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Spring Wildflowers: Guest Blogger: Mary Nordeen
The spring wildflowers are getting ready to add a little color to the forest, making it a perfect time to get out on the trails. Currently, the April woods hold just a slight hint of color (including a little snow). Tree branches are tipped with pink-red buds, and small hints of green peek out from the dried leaves on the ground.
The earliest wildflowers, like pasqueflower, are subtle and may have already come and gone without much fanfare. April showers will bring up the next set of spring flowers to capture your attention.
Watch for bloodroot and hepatica popping up amid the hardwood forest. White bloodroot blossoms set out a bright signal flag that spring is here. Bloodroot has its name thanks to the red sap found in the stem and root. Large bloodroot leaves curl around the stem at night, and both the leaves and flowers open up with the sun and close at night.
Round-lobed hepatica has liver-shaped leaves that stay through winter. This provides a head start for the dainty flower that will pop up from under last autumn’s leaves. Flowers range in color from white, pink and lavender.
Large-flowered bellwort heralds in spring with a flashing twirled yellow petals. This is a tall flower that fills the woods with color. Wild oats, also called sessile-leaved bellwort, is a relative. Wild oats has a small, beautiful, pale-yellow flower. Finding wild oats is a bit like a treasure hunt.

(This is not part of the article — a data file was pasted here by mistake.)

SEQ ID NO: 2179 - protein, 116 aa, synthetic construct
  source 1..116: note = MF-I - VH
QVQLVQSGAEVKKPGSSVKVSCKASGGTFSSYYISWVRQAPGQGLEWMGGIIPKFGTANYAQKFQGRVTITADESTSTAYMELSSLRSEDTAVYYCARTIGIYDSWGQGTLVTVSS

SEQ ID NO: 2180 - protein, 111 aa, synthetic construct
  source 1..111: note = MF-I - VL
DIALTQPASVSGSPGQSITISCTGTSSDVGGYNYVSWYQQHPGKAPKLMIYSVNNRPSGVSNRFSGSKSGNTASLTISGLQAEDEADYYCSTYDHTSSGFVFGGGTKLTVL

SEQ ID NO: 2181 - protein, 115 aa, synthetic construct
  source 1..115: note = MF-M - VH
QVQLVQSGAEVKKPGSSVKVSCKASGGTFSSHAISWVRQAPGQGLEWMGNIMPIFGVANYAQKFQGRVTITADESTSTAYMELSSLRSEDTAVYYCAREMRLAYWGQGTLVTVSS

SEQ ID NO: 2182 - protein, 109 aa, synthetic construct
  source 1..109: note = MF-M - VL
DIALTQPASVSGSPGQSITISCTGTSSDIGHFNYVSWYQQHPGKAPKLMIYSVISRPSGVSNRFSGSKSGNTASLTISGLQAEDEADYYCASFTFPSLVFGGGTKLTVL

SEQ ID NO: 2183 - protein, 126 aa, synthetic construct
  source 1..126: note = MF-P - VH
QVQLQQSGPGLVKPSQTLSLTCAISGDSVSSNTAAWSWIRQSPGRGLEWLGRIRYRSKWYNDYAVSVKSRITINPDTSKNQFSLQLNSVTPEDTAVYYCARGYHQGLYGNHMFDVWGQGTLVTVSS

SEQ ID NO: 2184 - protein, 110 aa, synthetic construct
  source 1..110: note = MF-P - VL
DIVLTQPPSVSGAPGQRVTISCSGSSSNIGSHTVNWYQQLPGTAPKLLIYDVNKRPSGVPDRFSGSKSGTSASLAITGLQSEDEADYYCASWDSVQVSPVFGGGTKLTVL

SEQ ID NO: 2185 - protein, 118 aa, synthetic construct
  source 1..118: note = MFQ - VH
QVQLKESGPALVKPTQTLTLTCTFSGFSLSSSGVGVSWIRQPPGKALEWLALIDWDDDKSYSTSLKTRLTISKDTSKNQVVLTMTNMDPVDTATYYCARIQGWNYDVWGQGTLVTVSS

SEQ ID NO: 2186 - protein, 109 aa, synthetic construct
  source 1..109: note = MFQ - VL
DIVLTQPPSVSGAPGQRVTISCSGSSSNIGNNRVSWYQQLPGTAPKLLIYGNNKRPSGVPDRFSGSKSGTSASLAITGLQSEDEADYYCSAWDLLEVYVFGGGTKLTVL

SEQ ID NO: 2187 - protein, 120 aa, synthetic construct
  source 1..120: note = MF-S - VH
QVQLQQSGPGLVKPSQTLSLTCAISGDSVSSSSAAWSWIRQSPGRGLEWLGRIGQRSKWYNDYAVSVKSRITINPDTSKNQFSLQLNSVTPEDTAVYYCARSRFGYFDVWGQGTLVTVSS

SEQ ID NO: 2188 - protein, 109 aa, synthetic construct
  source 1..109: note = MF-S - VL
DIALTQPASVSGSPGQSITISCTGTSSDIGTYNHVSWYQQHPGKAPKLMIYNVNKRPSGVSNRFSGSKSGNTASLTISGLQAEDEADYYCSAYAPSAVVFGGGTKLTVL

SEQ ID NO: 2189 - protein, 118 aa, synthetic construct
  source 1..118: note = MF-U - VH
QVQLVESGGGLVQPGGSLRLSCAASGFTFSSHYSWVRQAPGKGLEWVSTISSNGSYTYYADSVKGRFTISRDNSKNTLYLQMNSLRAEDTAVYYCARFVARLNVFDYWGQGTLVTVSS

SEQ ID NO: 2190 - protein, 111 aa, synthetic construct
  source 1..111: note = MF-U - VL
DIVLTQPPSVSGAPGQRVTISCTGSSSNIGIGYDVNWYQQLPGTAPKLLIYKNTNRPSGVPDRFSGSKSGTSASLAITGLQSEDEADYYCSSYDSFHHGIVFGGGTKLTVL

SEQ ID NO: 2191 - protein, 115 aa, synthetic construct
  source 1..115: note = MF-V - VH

Another northwoods favorite, the large-flowered trillium, litters the forest floor with large white blooms. Trillium, named for the very noticeable three-petaled flower, comes in four forms in Minnesota: large-flowered, nodding, drooping and snow trillium. Only the large-flowered and nodding trillium are found on the Chippewa National Forest.
Some of the more unusual spring flowers include Dutchmen’s breeches and jack-in-the-pulpit. This is another hardwood forest find. Dutchmen’s breeches is named for the pantaloon-shaped white flowers that hang off the stem. The odd-flowers look like “laundry day in gnome-land” and only certain bumblebees can pollinate it.
Jack-in-the-pulpit is colored a deep forest green. This plant is great at camouflage, so keep an eye out for the three big green leaves. Kids love to find “Jack” (spadix) hidden behind the leafy curled pulpit.
Finally, a spring hike is not complete without walking past a group of wood anenomes. Named for the Greek word anemos or wind, these soft white flowers literally bloom and bend with the spring winds and are considered good luck for the person walking by. Sounds like a great way to start the season! Hope to see you out on the Chippewa National Forest trails this spring!